8th grade english

boob jugglers

8th grade, sitting in english class: teacher is enthusiastically talking about plans for the semester. best-friend starts cupping her chest and whisper/asks whether one of my boobs feels heavier than the other. finding this out was of the utmost importance, so i begin weighing mine too. two friends beside me also follow suit, and by the time my teacher turns around, the left side of the room is juggling their chest. confused, he lifts his hands to his chest (as if to question whether he himself has a heavier boob.) he then realizes what he’s doing and turns a deep shade of red and says,
“I’m going to pretend like that didn’t just happen.”

like this past summer/fall i saw someone eating at the same restaurant as me and i recognized her as some former teacher and i just now remembered who she was, she was my 8th grade english teacher i think

  • Teachers & counselors: Oh you're 13? What college are you going to? What are you going to major in? What career path are you going down?
  • 8th grade me: I like English....
  • Teachers & counselors: Oh that's nice but you should really start thinking about your future.
  • 10th grade me: I know what college I want to go to and I know I'm going to major in English and I know what career field I want to be in.
  • Teachers & counselors: That's great! But don't you think you're a little young to make that choice? I mean you still need a few more math and science credits. Maybe you'll change your mind and want to be an engineer.:)
  • Me: wtf
My badass bookworm moments:

- I’ve read 800+ pages in a day (I was in a literary daze the rest of the evening)
- I read more than 150 books my 7th grade year
- I donated all of those books to my 7th grade English teacher so she could give them to other students
- I have pulled all-nighters (several times) in order to finish a story
- I got in trouble in the 9th grade for reading during my biology class (I should have been paying attention…but reading was my coping mechanism at the time)
- My 7th and 8th grade english classes read books aloud, but I would end up reading to myself faster than the student that was supposed to be doing the readings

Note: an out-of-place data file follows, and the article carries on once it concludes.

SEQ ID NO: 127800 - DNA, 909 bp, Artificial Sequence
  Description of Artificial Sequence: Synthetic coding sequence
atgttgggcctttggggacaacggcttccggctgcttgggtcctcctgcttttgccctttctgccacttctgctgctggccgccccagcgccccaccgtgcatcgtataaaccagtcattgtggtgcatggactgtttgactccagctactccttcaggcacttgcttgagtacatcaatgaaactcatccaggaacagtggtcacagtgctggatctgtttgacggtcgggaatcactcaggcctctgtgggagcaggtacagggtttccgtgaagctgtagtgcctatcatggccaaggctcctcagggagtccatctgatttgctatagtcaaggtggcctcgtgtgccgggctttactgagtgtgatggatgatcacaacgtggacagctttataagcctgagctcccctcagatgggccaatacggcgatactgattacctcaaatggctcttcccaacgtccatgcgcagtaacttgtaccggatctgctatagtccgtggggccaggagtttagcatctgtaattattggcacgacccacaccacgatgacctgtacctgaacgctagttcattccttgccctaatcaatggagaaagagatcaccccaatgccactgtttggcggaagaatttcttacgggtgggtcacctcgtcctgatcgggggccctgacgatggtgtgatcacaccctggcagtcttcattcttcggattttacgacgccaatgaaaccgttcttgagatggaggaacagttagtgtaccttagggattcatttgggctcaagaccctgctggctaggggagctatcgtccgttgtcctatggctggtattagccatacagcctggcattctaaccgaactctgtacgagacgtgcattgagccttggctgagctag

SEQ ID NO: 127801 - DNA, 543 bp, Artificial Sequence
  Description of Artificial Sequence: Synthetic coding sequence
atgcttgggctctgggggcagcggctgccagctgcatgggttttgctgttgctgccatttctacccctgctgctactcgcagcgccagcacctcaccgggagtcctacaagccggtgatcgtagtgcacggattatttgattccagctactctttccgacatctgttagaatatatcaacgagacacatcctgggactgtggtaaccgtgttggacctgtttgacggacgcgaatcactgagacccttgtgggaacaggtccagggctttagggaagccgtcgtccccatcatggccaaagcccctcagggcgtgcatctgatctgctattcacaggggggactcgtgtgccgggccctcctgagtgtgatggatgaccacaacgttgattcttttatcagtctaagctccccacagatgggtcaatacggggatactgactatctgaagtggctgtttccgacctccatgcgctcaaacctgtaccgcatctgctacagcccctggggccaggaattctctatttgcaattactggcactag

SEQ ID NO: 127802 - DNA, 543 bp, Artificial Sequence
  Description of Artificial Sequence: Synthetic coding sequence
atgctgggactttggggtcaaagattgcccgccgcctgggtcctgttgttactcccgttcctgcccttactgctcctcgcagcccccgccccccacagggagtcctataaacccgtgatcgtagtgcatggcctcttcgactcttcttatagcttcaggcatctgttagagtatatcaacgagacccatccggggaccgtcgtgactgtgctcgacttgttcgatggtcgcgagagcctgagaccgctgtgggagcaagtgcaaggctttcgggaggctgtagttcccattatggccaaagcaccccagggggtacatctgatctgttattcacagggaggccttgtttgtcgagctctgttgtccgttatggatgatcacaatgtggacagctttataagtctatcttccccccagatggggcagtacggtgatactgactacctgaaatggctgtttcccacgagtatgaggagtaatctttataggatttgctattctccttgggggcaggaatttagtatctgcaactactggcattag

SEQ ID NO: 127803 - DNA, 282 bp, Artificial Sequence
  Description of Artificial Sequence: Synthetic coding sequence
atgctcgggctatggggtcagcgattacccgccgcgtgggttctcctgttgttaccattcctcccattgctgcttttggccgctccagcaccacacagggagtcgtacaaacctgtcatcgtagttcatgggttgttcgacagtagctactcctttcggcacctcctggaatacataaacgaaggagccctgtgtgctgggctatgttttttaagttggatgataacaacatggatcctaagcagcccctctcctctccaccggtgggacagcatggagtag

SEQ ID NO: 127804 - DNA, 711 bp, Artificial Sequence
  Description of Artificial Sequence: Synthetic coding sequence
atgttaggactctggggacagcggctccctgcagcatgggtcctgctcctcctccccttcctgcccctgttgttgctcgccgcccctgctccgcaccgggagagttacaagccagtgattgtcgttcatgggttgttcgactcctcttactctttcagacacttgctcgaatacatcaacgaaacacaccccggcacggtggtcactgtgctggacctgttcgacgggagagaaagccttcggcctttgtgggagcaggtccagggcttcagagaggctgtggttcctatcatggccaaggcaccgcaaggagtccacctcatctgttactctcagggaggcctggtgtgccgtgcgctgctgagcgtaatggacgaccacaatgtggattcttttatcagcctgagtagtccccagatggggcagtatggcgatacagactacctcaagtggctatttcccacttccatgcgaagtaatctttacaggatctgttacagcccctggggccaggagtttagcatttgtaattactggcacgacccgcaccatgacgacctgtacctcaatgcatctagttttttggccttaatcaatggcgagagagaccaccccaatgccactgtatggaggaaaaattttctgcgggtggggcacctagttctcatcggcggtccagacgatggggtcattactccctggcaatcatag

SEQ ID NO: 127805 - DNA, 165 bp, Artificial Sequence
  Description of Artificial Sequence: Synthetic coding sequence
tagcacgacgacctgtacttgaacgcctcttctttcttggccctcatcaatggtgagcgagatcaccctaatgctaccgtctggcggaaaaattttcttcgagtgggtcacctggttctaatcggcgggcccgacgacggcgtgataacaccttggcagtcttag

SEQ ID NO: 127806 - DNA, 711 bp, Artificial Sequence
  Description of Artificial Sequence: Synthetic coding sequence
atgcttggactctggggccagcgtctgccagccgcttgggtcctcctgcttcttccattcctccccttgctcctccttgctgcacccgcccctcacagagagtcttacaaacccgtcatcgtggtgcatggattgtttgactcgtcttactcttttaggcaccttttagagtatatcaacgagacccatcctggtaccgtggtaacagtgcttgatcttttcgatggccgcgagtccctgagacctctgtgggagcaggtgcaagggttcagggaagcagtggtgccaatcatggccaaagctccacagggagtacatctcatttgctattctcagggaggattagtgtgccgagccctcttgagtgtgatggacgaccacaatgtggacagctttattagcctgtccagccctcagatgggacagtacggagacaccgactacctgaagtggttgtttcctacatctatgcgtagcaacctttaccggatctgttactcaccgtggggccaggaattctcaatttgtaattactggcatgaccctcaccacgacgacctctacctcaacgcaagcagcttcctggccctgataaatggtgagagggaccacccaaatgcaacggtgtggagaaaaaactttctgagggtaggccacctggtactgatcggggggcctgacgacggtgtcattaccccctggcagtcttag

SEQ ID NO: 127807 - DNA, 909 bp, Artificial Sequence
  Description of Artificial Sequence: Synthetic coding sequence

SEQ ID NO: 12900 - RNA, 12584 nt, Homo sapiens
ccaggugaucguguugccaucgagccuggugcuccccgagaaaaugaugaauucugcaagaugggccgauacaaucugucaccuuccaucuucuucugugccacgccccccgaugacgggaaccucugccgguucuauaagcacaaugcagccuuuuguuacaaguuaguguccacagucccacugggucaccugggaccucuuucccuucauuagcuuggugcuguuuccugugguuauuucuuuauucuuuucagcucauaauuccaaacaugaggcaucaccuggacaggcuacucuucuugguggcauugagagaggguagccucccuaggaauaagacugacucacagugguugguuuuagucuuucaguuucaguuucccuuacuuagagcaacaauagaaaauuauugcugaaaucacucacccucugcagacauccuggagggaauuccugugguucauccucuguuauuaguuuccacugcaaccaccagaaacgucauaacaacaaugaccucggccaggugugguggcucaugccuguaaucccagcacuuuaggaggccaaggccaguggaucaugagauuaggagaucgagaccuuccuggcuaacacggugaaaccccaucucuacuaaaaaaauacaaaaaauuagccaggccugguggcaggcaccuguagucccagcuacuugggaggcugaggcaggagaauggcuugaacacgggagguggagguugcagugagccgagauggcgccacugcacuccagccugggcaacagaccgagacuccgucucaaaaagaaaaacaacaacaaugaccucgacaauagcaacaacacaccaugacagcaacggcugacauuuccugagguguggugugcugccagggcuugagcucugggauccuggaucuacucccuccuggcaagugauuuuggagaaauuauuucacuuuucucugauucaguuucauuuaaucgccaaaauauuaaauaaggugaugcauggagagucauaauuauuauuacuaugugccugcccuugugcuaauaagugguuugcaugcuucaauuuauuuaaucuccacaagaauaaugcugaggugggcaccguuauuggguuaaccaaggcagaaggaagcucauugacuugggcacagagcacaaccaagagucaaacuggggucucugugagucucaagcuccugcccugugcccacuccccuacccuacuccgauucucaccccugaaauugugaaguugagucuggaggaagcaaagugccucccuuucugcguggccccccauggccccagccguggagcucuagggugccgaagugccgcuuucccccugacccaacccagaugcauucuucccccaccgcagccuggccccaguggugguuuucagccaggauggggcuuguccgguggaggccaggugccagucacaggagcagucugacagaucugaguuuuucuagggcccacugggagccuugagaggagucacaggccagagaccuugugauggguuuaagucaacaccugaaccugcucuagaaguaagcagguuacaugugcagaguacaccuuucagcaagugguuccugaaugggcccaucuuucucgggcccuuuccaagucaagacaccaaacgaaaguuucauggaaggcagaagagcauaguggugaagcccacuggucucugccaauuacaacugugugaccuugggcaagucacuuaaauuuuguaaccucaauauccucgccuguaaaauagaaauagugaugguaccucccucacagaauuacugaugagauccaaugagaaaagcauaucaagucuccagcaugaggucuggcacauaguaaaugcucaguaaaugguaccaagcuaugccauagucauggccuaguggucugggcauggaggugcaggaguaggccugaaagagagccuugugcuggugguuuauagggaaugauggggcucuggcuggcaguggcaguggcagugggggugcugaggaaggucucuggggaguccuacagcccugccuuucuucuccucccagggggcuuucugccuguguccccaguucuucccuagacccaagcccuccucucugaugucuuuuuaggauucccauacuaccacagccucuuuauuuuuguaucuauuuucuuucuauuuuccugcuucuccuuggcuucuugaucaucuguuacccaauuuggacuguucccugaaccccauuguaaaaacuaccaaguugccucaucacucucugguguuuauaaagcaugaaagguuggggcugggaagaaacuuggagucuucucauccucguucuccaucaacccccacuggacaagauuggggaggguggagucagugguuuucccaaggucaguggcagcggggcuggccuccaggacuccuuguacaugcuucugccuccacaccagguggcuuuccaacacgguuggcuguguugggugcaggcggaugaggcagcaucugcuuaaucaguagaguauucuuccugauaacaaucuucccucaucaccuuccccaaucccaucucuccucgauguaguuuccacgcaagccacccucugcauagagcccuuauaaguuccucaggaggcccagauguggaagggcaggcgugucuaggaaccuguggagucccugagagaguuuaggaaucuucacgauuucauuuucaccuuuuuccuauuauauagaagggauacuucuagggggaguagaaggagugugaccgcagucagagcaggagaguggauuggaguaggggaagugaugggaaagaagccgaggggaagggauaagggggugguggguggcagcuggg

- Those same years ended with me finishing the books before I was supposed to, and hiding another book inside the school one so I could read on my own

Maybe not truly badass moments, but I’m proud of all of it.

I had this teacher once, her name was Mrs. Stewart. She taught 8th grade English. One day, I can remember being very very sad. I kept my head down. Her class was normally the highlight of my day but that day I didn’t care. My mother and father both slipping away with depression. I didn’t have a place to call home. And my best friend moved away. She was passing out a worksheet , and I picked mine up to see a pink post-it note. It said “ Hey, keep your head up , I believe in you.”
I’m a senior in highschool and I still have that pink post-it note.

For my 8th grade Language Arts class, I had to interpret poems, and I really surprised myself with this.


By Countee Cullen


Locked arm in arm they cross the way,

The black boy and the white,

The golden splendor of the day,

The sable pride of night.


From lowered blinds the dark folk stare,

And there the fair folk talk,

Indignant that these two should dare

In unison to walk.


Oblivious to look and word

They pass, and see no wonder

They lightning as brilliant as a sword

Should blaze the pass of thunder


Meaning: I think the meaning of this poem is that sometimes children are oblivious to hate and prejudice, and that makes their simple knowledge more valuable than the biased opinions of hateful adults who only judge, and do not understand. I understood their innocence when it said “Oblivious to look and word/ They pass, and see no wonder” while the racist adults “stare” and “talk.” This poem means a lot to me because I am very much again things like racism, sexism, homophobia, and hate in general. As a child, it bothers me that I see things more simply and clearly than adults do with their “I’m older therefore wiser” attitudes. Just because you have lived more years than I have do not make you any more right. Do not take away anyone’s rights because they are a different race, religion, gender/sex, or sexual orientation.